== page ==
About PfT

Purpose of PROMYS for Teachers

PROMYS for Teachers is designed to support current efforts in Massachusetts to enhance problem-solving and open-ended exploration in secondary school mathematics classrooms. PROMYS engages middle and high school teachers in an intensive experience of mathematical exploration. Over the course of six weeks, PROMYS teachers develop, through problem-solving, many classical results in number theory. This experience is enriched by a supportive community of other teachers, high school students, graduate students, and research faculty. The program fosters new insights into the nature of mathematical investigation as participants practice the habits of mind that are at the core of creative mathematics. Academic year workshops help teachers translate the summer experience into fundamental change in their own classrooms.

The Massachusetts Mathematics Curriculum Framework calls for exactly the kind of exploration that PROMYS provides. It calls for a shift away from solving routine problems to problem-solving as the focus of mathematics programs. Indeed, one of the Framework's guiding principles is that students should explore mathematical ideas in ways that help them maintain their enjoyment of and curiosity about mathematics. Accordingly, PROMYS participants are asked to work beyond their centers of competence and to push the limits of their knowledge. The PROMYS community provides a rich support network so that teachers can spend time as mathematics learners in a safe and supportive environment.

History of PROMYS

PROMYS has existed for over two decades at Boston University as a program that engages mathematically inclined high school students in the process of mathematical exploration through their work on unusually challenging problems in number theory. Since 1991, PROMYS has also worked with pre-service high school mathematics teachers from the Boston University School of Education. In the summer of 1999, PROMYS expanded its activities again by engaging in-service Massachusetts high school mathematics teachers in the program's summer activities and running five professional development seminars during the academic year.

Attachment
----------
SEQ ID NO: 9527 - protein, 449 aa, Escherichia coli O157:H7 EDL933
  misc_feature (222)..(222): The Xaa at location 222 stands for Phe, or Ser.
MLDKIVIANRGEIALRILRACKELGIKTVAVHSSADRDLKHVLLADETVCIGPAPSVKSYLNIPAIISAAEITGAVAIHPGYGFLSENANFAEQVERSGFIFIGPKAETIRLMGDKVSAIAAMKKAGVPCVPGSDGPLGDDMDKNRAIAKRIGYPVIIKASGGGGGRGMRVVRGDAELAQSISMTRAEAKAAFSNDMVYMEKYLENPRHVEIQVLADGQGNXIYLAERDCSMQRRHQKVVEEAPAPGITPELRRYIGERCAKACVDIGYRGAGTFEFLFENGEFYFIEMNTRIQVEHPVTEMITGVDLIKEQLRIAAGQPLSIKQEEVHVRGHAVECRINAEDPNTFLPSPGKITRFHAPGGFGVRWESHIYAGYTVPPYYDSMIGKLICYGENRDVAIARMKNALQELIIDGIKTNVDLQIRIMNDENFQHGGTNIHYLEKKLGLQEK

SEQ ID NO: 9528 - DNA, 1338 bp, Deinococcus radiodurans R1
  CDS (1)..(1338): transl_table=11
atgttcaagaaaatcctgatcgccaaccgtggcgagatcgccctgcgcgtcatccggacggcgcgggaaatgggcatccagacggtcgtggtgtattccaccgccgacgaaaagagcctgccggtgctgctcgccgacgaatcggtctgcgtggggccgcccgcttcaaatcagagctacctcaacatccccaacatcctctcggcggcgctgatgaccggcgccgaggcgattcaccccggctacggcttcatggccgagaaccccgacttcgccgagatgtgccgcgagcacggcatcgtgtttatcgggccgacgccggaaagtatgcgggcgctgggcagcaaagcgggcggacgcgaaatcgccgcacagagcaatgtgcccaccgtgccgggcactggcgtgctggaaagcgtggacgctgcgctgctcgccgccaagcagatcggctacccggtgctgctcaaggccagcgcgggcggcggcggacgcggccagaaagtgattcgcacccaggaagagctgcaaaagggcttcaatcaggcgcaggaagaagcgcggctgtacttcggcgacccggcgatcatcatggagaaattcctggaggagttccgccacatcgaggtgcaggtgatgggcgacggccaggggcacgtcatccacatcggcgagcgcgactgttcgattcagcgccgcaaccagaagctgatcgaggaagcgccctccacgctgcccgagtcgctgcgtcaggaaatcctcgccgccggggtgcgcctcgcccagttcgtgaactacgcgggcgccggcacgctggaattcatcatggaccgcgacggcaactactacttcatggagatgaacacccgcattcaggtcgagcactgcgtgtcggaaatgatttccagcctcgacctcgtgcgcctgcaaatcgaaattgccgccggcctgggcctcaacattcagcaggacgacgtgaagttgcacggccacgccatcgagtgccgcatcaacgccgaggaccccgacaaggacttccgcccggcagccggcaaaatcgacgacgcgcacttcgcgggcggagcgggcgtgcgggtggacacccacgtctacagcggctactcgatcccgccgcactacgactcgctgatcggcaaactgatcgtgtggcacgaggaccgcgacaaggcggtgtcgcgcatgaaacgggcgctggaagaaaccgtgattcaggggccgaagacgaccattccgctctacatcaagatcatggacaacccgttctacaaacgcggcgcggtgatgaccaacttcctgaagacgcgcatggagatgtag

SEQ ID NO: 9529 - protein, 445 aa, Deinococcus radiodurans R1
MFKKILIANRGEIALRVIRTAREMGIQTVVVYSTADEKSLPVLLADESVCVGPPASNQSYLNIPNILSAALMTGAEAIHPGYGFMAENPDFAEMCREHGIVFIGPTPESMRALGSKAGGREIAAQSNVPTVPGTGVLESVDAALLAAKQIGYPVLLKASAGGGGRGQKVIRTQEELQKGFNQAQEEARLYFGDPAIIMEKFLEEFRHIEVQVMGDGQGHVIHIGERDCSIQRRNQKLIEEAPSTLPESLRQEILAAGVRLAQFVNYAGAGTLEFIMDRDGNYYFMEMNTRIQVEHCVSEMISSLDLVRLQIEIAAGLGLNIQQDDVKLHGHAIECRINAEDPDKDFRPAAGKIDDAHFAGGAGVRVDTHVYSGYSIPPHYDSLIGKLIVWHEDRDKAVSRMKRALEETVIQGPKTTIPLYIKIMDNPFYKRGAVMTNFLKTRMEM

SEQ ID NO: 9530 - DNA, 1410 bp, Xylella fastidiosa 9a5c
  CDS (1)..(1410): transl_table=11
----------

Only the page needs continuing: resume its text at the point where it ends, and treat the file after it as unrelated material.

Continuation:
PROMYS for Teachers Community in 2013

PROMYS for Teachers Faculty
Professor Glenn Stevens (Boston University) Director of PROMYS since 1989
Professor Caleb Shor (Western New England University)
               Director of PROMYS for Teachers
Professor Carol Findell (Boston University) - Faculty
Professor Steven Rosenberg (Boston University) Faculty
Lucas Culler (MIT) - PROMYS Research Coordinator

PROMYS for Teachers Counselors
Tina Cardone (Salem High School, Salem, MA)
Tanya Finkelstein (Diamond Middle School, Lexington, MA)
Ben Fischer (Boston University PhD program)
Dan Ford (Boston University PhD program)
Dave Hansen (Boston College PhD program)
Brian Infante (Gann Academy, Waltham, MA)
Li-Mei Lim (Brown University PhD program)
Allen Olsen (Lexington High School, Lexington, MA)
Christopher Robinson (The Blake School, Minneapolis, MN)
Paul Sherman (Math enthusiast and former teacher)
Ander Steele (Boston University PhD program)
Tim Westfield (Boston College High School, Boston, MA)
Dale Winter (Brown University PhD program)
Joshua Zelinsky (Boston University PhD program) 

34 Teachers

PROMYS for Teachers Sponsors

PROMYS for Teachers is grateful for the generous support of its sponsors: Boston University, National Science FoundationThe Noyce Foundation, and Math for America Boston

 

Please click here for information about the partners of PROMYS.